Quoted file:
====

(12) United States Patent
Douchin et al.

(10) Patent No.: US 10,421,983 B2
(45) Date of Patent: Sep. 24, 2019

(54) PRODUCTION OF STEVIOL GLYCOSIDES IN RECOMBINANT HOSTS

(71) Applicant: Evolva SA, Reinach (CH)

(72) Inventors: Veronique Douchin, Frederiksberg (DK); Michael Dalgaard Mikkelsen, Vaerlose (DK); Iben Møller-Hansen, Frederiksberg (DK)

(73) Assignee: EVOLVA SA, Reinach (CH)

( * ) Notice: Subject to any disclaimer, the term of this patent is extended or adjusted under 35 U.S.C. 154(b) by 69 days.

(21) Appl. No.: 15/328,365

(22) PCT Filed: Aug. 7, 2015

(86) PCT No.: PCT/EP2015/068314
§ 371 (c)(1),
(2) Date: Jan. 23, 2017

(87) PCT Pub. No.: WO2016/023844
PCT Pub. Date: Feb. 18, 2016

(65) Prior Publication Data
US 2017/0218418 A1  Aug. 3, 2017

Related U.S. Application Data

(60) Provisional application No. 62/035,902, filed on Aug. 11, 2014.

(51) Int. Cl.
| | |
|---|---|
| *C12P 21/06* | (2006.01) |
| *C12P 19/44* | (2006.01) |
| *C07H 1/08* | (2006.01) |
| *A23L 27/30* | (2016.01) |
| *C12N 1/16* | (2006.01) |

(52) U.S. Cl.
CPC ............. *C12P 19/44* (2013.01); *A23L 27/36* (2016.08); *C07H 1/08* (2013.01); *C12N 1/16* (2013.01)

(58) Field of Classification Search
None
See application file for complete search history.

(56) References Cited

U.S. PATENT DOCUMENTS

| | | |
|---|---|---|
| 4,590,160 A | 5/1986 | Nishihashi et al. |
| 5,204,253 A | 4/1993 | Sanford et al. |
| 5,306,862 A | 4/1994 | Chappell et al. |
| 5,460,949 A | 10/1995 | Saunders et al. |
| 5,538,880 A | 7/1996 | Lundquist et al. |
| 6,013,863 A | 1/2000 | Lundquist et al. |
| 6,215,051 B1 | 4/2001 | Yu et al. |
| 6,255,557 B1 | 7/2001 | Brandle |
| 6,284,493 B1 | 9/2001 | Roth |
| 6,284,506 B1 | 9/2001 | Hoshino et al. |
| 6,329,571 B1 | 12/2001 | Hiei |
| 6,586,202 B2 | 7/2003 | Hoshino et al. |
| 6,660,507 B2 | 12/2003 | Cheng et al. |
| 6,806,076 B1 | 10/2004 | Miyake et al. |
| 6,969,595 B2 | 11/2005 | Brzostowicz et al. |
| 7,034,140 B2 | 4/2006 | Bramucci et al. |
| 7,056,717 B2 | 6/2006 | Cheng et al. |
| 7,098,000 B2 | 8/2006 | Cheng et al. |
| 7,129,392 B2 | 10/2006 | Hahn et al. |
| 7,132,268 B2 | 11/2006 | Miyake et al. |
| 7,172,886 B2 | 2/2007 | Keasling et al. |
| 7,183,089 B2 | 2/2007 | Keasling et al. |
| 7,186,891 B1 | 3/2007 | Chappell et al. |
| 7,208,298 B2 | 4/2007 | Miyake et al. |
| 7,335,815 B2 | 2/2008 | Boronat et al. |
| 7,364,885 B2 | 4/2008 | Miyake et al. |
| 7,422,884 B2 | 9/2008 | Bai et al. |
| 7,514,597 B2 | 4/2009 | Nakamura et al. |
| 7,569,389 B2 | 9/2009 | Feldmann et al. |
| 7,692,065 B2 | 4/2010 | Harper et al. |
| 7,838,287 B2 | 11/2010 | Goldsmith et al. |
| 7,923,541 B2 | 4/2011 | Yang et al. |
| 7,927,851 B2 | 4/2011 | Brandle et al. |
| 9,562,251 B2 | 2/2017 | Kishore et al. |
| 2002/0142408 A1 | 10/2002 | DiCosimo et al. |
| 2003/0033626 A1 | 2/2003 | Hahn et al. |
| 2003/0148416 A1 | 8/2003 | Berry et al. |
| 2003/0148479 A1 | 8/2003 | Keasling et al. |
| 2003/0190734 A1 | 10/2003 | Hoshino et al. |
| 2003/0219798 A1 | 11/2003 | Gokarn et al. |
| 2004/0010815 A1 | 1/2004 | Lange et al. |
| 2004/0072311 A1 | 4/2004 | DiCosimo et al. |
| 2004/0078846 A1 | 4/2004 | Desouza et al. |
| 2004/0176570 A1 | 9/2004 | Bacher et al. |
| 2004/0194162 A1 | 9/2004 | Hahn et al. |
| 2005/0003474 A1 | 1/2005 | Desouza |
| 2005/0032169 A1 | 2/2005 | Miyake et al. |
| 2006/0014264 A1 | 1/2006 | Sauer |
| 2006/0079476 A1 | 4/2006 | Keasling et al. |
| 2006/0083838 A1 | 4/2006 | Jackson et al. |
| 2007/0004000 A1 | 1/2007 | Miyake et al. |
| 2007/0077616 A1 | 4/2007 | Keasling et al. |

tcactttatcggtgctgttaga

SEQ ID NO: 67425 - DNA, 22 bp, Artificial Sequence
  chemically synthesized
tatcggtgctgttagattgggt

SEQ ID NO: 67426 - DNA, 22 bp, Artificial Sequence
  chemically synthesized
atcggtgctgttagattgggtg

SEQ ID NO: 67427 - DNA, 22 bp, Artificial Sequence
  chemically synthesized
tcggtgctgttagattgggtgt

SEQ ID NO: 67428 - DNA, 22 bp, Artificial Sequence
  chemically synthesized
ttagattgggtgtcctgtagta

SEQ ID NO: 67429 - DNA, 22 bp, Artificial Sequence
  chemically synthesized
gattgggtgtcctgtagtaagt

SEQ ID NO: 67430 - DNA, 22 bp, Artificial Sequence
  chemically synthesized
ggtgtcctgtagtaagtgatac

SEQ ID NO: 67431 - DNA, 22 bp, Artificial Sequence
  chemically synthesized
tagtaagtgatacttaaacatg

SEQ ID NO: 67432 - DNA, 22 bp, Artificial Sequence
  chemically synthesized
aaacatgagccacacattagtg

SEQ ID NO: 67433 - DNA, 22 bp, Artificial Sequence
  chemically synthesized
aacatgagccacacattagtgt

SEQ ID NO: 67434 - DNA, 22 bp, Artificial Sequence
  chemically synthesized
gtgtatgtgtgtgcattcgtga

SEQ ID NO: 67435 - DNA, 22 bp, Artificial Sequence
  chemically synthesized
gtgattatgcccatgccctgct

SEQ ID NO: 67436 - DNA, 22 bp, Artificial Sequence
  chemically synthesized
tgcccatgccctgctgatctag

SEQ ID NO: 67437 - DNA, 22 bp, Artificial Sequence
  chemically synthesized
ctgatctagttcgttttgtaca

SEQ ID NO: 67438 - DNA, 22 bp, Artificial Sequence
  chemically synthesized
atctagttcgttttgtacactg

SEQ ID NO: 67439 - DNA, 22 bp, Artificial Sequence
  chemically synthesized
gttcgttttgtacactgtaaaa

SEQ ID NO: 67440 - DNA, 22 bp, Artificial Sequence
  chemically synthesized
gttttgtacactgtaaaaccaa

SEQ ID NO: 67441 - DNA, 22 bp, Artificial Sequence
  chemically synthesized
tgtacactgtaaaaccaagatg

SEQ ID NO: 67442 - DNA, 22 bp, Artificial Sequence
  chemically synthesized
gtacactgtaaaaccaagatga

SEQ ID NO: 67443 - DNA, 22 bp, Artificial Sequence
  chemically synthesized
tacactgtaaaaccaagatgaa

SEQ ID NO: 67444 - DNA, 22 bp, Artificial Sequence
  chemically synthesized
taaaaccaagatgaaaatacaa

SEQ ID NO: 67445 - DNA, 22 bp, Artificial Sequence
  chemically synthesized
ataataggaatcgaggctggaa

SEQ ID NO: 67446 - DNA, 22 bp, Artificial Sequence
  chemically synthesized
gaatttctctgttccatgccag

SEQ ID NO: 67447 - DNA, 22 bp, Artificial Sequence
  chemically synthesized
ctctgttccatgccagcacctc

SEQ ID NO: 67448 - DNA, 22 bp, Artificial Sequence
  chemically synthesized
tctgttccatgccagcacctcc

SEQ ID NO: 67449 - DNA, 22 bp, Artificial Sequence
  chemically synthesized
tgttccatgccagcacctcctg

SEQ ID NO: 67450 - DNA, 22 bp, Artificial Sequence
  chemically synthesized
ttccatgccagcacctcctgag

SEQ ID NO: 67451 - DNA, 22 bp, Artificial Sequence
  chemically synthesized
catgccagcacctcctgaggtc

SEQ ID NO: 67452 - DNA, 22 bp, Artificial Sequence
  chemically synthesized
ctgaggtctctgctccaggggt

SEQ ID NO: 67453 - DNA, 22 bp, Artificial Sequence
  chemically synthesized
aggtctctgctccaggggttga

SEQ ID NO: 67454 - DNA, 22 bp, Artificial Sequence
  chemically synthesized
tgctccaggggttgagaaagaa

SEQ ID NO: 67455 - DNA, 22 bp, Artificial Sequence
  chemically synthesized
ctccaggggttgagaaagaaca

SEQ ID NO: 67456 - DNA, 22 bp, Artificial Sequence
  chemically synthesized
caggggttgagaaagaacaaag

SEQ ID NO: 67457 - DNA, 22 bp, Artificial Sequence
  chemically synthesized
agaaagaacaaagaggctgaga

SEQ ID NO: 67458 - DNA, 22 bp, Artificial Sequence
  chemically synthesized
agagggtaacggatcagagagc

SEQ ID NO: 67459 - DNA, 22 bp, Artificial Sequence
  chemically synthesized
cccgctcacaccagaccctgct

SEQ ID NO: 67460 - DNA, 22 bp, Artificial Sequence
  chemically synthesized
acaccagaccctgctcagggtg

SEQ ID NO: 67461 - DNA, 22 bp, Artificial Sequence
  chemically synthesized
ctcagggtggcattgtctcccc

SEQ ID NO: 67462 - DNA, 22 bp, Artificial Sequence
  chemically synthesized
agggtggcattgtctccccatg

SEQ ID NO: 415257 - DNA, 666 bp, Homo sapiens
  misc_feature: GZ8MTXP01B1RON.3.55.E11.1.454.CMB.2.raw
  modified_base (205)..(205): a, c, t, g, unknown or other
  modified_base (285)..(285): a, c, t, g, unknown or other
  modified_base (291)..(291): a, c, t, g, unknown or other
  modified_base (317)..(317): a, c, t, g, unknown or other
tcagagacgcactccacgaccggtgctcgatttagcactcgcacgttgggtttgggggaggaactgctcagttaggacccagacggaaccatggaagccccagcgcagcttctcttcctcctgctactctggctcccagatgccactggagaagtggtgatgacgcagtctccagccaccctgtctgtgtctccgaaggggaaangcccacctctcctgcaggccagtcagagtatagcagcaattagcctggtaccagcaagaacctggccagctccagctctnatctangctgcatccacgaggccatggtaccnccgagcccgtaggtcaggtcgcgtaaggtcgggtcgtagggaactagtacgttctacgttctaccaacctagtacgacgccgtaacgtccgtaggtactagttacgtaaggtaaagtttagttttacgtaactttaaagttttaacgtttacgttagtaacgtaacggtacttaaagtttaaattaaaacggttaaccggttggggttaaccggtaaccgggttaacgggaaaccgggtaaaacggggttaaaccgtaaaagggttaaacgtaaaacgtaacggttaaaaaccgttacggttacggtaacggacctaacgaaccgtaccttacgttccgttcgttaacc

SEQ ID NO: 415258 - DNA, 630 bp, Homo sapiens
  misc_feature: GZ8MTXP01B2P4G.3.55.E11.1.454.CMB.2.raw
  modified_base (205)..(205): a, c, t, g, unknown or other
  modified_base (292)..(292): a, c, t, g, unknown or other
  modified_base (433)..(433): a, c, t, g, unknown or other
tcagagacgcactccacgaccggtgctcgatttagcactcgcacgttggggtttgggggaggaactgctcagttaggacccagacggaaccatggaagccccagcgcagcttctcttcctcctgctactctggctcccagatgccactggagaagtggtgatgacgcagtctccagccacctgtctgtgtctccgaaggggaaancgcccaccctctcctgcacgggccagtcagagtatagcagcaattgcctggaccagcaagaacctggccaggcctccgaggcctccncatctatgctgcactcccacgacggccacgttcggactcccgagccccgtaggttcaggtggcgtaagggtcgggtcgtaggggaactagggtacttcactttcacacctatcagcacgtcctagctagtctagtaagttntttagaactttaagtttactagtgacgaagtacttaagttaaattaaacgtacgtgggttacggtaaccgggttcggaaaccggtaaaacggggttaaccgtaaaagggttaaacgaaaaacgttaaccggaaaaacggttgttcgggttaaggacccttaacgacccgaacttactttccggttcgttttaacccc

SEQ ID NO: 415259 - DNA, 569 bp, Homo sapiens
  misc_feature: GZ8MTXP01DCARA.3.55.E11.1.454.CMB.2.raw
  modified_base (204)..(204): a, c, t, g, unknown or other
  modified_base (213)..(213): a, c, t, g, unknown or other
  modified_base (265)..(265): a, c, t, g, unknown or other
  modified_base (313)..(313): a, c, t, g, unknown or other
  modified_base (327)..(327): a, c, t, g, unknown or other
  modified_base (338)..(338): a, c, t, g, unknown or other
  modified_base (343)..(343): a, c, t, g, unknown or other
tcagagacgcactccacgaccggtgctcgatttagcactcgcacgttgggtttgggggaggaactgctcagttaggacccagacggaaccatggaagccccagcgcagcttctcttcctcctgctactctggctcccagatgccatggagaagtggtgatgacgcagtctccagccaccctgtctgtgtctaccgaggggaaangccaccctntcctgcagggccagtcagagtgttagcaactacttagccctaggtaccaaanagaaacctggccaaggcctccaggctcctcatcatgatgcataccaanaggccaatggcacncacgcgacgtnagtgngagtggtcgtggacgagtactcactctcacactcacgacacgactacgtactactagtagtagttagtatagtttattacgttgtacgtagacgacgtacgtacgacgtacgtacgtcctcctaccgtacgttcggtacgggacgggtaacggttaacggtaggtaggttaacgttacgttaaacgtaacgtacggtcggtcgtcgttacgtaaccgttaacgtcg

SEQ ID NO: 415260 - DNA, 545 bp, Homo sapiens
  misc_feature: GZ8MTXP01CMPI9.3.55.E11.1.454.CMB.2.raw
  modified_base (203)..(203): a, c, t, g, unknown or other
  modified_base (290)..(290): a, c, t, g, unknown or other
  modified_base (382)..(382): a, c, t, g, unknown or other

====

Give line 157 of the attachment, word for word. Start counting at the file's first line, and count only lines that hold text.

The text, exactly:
SEQ ID NO: 67447 - DNA, 22 bp, Artificial Sequence